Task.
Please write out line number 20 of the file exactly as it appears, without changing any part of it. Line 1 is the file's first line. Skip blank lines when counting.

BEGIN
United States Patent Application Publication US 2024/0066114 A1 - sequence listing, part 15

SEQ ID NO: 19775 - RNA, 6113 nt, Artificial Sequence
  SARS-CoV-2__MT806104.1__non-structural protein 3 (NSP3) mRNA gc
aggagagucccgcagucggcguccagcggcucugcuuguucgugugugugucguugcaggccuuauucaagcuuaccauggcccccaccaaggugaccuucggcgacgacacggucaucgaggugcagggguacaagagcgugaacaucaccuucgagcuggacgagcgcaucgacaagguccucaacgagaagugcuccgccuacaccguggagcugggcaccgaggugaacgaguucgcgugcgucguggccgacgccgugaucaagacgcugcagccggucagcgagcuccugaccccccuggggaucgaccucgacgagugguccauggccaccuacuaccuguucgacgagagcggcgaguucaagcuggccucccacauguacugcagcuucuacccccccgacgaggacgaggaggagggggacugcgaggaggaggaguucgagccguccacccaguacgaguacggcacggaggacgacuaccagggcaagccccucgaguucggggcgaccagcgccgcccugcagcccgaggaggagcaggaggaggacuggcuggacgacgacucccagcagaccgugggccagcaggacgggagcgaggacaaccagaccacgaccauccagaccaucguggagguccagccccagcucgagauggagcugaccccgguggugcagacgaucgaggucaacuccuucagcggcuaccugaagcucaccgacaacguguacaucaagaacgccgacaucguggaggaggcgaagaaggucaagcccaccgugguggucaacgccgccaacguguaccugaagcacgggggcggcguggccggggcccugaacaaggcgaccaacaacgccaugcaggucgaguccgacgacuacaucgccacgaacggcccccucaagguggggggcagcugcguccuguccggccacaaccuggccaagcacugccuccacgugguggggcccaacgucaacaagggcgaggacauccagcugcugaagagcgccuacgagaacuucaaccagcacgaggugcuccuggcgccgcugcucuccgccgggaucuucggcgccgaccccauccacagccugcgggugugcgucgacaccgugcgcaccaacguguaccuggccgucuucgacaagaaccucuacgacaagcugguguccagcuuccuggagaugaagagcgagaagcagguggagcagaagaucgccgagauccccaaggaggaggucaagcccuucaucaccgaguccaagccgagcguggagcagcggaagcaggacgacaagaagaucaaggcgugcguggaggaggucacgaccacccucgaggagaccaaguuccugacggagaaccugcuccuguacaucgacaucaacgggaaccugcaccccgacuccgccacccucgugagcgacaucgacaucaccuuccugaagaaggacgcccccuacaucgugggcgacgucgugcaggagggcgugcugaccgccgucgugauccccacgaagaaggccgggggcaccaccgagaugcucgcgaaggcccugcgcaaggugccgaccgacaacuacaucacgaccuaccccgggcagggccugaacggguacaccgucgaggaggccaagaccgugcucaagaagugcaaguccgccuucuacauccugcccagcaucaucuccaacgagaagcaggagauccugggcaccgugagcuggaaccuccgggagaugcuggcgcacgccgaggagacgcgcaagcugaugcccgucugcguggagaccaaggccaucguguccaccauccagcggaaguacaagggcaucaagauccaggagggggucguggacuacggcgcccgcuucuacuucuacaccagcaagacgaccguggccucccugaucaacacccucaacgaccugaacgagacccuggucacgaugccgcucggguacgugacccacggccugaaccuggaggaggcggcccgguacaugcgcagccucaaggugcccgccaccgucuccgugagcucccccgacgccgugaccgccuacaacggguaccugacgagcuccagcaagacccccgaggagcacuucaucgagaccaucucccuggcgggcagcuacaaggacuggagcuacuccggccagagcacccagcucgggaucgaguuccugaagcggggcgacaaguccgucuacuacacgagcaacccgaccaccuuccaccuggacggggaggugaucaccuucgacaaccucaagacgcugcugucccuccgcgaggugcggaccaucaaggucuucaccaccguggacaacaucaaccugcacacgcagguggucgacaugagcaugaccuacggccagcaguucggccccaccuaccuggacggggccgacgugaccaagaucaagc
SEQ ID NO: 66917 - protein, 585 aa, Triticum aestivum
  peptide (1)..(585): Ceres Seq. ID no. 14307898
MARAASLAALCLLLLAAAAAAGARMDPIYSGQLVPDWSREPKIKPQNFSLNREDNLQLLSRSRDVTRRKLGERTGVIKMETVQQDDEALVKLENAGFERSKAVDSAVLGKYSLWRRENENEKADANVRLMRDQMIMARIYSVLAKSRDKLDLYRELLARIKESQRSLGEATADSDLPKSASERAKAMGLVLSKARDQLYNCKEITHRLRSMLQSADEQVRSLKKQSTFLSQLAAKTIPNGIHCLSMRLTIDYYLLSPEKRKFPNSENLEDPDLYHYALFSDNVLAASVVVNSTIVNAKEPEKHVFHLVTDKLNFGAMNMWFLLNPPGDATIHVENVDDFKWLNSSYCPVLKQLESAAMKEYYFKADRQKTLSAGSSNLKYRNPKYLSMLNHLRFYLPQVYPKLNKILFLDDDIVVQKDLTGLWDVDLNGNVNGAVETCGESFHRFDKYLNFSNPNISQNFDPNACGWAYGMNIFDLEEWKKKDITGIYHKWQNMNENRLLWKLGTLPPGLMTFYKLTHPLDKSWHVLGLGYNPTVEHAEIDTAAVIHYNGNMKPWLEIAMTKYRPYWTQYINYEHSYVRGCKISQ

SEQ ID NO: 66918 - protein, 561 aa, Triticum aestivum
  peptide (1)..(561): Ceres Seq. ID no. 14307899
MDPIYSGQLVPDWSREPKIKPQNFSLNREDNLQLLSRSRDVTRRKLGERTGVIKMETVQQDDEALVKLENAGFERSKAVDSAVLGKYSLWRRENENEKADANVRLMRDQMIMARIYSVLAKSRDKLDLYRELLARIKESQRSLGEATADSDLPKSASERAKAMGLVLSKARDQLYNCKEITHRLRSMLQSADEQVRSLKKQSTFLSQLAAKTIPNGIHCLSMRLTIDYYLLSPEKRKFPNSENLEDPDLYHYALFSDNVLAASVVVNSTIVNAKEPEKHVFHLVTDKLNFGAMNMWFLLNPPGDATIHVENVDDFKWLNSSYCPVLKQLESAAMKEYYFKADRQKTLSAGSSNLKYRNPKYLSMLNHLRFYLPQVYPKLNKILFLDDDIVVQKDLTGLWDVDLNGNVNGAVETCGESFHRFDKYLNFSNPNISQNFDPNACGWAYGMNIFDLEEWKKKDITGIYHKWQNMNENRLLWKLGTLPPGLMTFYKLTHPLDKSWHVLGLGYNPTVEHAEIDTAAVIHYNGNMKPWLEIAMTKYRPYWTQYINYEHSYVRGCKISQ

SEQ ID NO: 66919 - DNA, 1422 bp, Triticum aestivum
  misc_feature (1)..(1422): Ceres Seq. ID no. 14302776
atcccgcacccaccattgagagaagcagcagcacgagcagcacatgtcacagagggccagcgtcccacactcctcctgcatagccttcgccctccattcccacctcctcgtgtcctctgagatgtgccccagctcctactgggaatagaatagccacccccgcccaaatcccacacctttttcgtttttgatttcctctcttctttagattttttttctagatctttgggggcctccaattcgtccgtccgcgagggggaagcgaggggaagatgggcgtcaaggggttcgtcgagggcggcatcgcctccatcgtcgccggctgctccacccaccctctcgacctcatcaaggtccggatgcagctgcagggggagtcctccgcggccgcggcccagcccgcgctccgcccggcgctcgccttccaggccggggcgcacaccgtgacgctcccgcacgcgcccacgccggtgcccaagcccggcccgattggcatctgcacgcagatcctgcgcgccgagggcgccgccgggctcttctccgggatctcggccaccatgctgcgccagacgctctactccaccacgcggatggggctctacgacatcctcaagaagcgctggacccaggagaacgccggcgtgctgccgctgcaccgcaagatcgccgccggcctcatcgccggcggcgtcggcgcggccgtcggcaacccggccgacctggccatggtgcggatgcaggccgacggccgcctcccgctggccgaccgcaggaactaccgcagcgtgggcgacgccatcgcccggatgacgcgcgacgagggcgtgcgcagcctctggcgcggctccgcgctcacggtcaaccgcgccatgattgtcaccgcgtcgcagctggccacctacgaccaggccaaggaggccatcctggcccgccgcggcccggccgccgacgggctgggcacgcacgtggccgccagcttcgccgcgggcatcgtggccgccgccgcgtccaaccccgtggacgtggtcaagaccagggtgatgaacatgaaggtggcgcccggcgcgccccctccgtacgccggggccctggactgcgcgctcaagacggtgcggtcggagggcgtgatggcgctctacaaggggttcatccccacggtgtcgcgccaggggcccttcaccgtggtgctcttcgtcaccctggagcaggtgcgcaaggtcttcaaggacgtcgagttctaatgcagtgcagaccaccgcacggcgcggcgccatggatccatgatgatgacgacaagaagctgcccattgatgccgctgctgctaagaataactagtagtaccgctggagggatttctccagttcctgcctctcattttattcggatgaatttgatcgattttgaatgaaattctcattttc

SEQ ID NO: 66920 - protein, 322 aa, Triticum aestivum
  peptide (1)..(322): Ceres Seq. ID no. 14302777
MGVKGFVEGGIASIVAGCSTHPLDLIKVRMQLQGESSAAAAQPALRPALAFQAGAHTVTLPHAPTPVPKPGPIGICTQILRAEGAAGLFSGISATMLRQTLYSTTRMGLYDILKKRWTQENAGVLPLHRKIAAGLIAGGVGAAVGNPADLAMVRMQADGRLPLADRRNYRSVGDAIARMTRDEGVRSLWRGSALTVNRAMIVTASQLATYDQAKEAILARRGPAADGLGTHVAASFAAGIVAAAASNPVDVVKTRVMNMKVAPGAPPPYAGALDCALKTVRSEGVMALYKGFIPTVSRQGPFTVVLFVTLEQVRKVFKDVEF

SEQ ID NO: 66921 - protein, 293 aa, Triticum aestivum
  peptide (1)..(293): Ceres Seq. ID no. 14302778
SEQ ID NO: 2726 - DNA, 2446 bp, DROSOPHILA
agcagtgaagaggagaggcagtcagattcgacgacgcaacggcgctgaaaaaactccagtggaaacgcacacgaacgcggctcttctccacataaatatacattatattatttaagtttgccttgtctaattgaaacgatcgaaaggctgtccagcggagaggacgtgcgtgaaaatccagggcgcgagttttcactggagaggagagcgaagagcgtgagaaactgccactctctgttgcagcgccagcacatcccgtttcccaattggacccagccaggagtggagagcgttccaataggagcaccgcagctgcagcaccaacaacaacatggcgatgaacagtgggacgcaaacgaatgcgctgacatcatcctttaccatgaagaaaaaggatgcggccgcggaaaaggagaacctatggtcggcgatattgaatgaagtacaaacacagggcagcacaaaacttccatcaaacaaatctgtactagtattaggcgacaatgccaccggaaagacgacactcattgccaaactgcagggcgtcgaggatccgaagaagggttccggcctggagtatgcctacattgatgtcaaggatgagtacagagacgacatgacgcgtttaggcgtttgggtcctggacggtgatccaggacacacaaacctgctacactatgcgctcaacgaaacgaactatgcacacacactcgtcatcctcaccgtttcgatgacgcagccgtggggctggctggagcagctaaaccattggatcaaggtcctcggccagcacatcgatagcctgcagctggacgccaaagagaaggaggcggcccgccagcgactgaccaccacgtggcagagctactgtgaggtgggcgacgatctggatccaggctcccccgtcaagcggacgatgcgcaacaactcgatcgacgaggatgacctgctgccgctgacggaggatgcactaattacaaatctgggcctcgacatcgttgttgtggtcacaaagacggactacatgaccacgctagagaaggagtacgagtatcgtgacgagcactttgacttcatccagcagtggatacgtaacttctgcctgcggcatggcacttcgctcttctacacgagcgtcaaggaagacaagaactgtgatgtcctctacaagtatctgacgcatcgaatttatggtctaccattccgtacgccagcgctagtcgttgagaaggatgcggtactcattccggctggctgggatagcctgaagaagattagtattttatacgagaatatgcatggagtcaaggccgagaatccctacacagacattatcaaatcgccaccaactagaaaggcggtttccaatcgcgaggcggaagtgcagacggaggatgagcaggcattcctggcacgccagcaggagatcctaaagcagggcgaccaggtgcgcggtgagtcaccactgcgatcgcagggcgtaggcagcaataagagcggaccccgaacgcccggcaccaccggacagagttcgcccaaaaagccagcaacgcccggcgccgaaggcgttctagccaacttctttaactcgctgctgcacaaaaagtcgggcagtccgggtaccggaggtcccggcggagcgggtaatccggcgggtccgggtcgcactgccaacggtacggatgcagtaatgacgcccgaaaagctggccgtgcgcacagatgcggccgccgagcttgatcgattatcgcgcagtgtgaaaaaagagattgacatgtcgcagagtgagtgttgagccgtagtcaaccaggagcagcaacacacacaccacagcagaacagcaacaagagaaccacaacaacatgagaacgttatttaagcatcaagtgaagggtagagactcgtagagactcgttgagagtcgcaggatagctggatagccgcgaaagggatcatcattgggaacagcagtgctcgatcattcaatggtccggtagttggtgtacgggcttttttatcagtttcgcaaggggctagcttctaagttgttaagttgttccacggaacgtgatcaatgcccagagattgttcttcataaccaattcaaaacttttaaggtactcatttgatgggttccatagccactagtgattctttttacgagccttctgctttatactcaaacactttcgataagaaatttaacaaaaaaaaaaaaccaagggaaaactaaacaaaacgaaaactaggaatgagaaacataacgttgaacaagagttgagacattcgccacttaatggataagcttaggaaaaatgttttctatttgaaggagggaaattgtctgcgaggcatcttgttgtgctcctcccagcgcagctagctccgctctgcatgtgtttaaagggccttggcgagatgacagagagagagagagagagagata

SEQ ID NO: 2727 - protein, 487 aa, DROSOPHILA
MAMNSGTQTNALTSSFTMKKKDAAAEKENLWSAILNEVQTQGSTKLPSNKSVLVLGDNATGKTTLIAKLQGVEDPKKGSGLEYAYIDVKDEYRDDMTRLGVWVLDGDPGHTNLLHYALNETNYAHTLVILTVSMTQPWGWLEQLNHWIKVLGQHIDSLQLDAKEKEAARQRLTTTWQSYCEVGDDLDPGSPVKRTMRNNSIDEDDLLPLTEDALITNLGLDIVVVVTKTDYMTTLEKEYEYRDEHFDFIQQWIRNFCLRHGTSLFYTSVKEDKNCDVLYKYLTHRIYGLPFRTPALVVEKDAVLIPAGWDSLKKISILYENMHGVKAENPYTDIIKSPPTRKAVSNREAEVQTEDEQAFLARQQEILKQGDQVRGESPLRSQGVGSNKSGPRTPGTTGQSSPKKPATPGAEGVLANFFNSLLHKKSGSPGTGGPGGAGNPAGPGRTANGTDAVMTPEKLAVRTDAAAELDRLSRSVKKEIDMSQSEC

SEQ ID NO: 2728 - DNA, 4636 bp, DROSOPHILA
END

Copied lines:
agcagtgaagaggagaggcagtcagattcgacgacgcaacggcgctgaaaaaactccagtggaaacgcacacgaacgcggctcttctccacataaatatacattatattatttaagtttgccttgtctaattgaaacgatcgaaaggctgtccagcggagaggacgtgcgtgaaaatccagggcgcgagttttcactggagaggagagcgaagagcgtgagaaactgccactctctgttgcagcgccagcacatcccgtttcccaattggacccagccaggagtggagagcgttccaataggagcaccgcagctgcagcaccaacaacaacatggcgatgaacagtgggacgcaaacgaatgcgctgacatcatcctttaccatgaagaaaaaggatgcggccgcggaaaaggagaacctatggtcggcgatattgaatgaagtacaaacacagggcagcacaaaacttccatcaaacaaatctgtactagtattaggcgacaatgccaccggaaagacgacactcattgccaaactgcagggcgtcgaggatccgaagaagggttccggcctggagtatgcctacattgatgtcaaggatgagtacagagacgacatgacgcgtttaggcgtttgggtcctggacggtgatccaggacacacaaacctgctacactatgcgctcaacgaaacgaactatgcacacacactcgtcatcctcaccgtttcgatgacgcagccgtggggctggctggagcagctaaaccattggatcaaggtcctcggccagcacatcgatagcctgcagctggacgccaaagagaaggaggcggcccgccagcgactgaccaccacgtggcagagctactgtgaggtgggcgacgatctggatccaggctcccccgtcaagcggacgatgcgcaacaactcgatcgacgaggatgacctgctgccgctgacggaggatgcactaattacaaatctgggcctcgacatcgttgttgtggtcacaaagacggactacatgaccacgctagagaaggagtacgagtatcgtgacgagcactttgacttcatccagcagtggatacgtaacttctgcctgcggcatggcacttcgctcttctacacgagcgtcaaggaagacaagaactgtgatgtcctctacaagtatctgacgcatcgaatttatggtctaccattccgtacgccagcgctagtcgttgagaaggatgcggtactcattccggctggctgggatagcctgaagaagattagtattttatacgagaatatgcatggagtcaaggccgagaatccctacacagacattatcaaatcgccaccaactagaaaggcggtttccaatcgcgaggcggaagtgcagacggaggatgagcaggcattcctggcacgccagcaggagatcctaaagcagggcgaccaggtgcgcggtgagtcaccactgcgatcgcagggcgtaggcagcaataagagcggaccccgaacgcccggcaccaccggacagagttcgcccaaaaagccagcaacgcccggcgccgaaggcgttctagccaacttctttaactcgctgctgcacaaaaagtcgggcagtccgggtaccggaggtcccggcggagcgggtaatccggcgggtccgggtcgcactgccaacggtacggatgcagtaatgacgcccgaaaagctggccgtgcgcacagatgcggccgccgagcttgatcgattatcgcgcagtgtgaaaaaagagattgacatgtcgcagagtgagtgttgagccgtagtcaaccaggagcagcaacacacacaccacagcagaacagcaacaagagaaccacaacaacatgagaacgttatttaagcatcaagtgaagggtagagactcgtagagactcgttgagagtcgcaggatagctggatagccgcgaaagggatcatcattgggaacagcagtgctcgatcattcaatggtccggtagttggtgtacgggcttttttatcagtttcgcaaggggctagcttctaagttgttaagttgttccacggaacgtgatcaatgcccagagattgttcttcataaccaattcaaaacttttaaggtactcatttgatgggttccatagccactagtgattctttttacgagccttctgctttatactcaaacactttcgataagaaatttaacaaaaaaaaaaaaccaagggaaaactaaacaaaacgaaaactaggaatgagaaacataacgttgaacaagagttgagacattcgccacttaatggataagcttaggaaaaatgttttctatttgaaggagggaaattgtctgcgaggcatcttgttgtgctcctcccagcgcagctagctccgctctgcatgtgtttaaagggccttggcgagatgacagagagagagagagagagagata